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By Phillippa Spence

Balsamic offers depth and richness that no other vinegar can. It really is one for all sorts of food, from sauces and ragùs,  to dressings and glazes, and even desserts.

True balsamic vinegar hails from the area of Modena in Italy and carries the DOCG (controlled designation of origin) certification, which means it can’t be made anywhere else. The base of the vinegar made from grape “must”, which is the juice and skin of the fruit. This is cooked down to a fruity syrup and then stored in barrels made from various types of wood, such as chestnut or mulberry, for at least 12 years.

Bring out the brilliant but cheaper, thinner balsamic to pep up sauces, stews, chutneys and casseroles that you feel need a bit of a sweet and sour boost. Roasted vegetables like beetroots, carrots or tomatoes drizzled towards the end of cooking go extra glazed and delicious. This recipe for slow-roasted tomatoes and baby leeks calls for the thinner balsamic – after an hour of roasting, the tomatoes take on a gorgeous, intense flavour.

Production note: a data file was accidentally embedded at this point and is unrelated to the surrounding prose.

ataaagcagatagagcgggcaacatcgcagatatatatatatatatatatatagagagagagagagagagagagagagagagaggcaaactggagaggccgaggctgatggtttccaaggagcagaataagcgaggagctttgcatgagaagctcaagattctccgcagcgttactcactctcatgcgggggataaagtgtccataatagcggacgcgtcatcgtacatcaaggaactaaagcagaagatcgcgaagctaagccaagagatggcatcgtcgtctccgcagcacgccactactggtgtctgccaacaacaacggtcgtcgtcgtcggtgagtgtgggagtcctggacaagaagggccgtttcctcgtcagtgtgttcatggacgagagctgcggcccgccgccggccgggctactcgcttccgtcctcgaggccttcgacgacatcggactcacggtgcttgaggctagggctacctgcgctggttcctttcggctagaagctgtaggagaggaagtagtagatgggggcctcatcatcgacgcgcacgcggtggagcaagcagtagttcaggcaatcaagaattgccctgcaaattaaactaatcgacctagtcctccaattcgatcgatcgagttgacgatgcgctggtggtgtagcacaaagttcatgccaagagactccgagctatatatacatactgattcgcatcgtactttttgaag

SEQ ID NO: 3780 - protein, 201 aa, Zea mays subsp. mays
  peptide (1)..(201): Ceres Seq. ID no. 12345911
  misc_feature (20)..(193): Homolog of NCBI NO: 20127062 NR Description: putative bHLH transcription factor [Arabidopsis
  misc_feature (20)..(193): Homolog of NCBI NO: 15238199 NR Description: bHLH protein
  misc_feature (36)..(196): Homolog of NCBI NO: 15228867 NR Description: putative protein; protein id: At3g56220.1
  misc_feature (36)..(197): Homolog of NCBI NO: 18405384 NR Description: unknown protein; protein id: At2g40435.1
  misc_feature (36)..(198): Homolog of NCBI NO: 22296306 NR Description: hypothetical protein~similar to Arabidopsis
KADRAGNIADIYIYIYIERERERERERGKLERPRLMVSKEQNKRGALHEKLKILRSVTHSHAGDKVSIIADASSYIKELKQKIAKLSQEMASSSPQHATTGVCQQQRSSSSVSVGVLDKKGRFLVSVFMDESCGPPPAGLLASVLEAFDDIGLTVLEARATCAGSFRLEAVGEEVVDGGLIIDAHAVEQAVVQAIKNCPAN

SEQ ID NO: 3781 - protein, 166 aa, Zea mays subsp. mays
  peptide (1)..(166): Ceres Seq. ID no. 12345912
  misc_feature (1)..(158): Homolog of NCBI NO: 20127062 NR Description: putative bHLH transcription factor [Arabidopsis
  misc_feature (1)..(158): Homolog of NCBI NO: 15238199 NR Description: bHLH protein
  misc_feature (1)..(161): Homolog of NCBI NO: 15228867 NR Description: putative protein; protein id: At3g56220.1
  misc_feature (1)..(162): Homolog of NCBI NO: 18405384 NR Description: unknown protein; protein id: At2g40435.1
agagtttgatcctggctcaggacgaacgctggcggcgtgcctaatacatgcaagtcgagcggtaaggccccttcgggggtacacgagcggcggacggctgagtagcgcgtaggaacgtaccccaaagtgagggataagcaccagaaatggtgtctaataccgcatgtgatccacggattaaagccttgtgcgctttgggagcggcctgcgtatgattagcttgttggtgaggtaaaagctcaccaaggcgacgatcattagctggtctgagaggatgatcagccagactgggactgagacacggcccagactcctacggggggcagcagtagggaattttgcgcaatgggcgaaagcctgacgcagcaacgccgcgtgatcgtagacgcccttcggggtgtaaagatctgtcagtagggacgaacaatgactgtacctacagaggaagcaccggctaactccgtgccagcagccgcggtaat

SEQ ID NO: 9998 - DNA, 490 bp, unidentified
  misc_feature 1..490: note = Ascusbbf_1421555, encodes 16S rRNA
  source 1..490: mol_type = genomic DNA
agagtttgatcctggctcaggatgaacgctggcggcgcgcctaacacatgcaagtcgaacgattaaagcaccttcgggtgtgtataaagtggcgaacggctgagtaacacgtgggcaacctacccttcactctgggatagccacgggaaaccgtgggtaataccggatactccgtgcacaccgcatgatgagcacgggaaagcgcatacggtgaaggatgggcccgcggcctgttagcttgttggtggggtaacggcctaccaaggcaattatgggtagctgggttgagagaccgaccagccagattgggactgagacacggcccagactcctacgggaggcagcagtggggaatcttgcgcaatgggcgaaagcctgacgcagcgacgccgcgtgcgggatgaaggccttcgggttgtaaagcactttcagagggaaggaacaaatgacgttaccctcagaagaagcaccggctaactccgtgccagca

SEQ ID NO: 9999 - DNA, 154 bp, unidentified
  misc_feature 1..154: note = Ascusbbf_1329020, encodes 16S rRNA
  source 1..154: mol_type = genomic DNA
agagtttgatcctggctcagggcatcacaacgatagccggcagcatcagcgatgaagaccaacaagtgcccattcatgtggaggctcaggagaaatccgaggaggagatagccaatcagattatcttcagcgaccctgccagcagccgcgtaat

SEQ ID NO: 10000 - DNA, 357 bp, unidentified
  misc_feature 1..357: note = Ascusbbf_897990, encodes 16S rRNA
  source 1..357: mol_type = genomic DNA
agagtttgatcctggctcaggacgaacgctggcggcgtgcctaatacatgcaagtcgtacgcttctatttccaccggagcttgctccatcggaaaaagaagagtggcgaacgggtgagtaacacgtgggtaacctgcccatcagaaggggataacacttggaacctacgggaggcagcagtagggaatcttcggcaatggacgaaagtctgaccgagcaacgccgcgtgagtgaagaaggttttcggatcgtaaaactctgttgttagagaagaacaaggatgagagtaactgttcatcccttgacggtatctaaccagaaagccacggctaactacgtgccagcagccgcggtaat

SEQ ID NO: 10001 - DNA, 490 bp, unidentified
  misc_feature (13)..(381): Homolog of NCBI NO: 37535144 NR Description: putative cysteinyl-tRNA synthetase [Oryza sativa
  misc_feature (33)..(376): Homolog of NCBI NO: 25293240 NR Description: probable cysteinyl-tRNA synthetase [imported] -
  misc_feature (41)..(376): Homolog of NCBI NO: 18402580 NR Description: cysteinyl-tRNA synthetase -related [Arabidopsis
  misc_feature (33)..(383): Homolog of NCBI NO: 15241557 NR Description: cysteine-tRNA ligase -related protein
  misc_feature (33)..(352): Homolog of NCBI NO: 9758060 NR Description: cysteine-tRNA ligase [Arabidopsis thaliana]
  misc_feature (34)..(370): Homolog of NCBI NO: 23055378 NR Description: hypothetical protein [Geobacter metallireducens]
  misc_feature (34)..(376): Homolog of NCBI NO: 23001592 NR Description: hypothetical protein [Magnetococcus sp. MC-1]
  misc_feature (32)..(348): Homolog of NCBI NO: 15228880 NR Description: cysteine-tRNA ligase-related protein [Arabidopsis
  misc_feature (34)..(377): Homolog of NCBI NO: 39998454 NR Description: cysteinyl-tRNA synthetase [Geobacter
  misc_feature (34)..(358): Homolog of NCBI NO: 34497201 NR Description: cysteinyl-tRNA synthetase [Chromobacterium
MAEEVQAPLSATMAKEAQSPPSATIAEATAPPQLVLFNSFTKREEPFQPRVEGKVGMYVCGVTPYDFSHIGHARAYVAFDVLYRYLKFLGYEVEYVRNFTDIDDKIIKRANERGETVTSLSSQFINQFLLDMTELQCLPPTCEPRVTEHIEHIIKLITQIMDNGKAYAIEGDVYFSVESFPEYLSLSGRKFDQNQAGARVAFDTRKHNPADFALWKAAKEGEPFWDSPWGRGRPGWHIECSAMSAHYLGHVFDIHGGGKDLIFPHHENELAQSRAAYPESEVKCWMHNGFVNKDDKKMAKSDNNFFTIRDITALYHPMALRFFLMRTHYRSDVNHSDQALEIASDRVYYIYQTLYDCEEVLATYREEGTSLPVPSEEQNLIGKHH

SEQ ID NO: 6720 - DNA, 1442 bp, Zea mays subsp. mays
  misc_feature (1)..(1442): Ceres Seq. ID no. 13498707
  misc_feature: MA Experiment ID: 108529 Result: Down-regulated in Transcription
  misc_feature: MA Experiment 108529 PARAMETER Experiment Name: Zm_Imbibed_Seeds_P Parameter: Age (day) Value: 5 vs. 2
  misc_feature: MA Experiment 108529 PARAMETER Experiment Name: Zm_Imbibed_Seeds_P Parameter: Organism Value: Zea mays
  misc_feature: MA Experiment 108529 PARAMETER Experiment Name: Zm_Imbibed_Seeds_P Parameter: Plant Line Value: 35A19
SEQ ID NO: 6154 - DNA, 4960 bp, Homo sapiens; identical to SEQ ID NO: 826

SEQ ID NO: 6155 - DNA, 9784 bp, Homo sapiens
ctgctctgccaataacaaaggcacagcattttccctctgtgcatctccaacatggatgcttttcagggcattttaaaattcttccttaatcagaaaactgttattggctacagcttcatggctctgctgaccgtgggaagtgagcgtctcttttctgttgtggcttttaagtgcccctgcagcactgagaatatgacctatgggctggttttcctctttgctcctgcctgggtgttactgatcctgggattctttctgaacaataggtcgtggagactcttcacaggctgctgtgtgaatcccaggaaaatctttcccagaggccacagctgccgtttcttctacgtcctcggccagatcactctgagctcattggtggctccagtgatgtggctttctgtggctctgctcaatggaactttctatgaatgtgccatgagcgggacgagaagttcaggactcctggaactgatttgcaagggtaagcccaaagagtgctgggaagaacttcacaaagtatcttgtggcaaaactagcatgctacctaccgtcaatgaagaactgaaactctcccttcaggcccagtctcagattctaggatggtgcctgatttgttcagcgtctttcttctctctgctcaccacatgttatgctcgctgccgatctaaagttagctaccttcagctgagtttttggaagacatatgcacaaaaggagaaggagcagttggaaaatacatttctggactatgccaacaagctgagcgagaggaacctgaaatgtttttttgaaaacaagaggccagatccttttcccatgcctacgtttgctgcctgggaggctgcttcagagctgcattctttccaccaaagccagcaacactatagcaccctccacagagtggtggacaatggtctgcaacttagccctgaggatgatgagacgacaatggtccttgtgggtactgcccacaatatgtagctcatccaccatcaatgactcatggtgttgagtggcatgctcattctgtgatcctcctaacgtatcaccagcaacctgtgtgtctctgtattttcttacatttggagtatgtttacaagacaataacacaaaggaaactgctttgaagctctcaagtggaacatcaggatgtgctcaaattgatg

Use the more expensive, syrupy balsamic in salad dressings. It also works perfectly with strawberries and other summer fruits. Add a splash to grilled fruit or eaten fresh to gain a lovely sharp, jammy flavour. Try this recipe for quick strawberry ice cream – a little drizzle of balsamic over the top of the meringue and ice cream draws out the sweet and sourness of the dessert, cutting through the cold as it goes.

As with olive oil, it is sometimes worth finding a better-quality balsamic vinegar, especially if you’re going to be using it for dressings. At Jamie’s we’re really big fans of the Belazu balsamic – it’s pretty pricey but a little goes a long way.

About the author

Pip is a junior stylist in Jamie’s food team. She spends her life following Jamie around, testing his recipes and helping out on shoots. She is addicted to Instagram (@pipparoo_spence), fascinated by food history, and obsessed with homemade ice cream. Mostly she writes about store cupboard heroes, using up leftovers and hearty comfort food.

Pip Spence's blog

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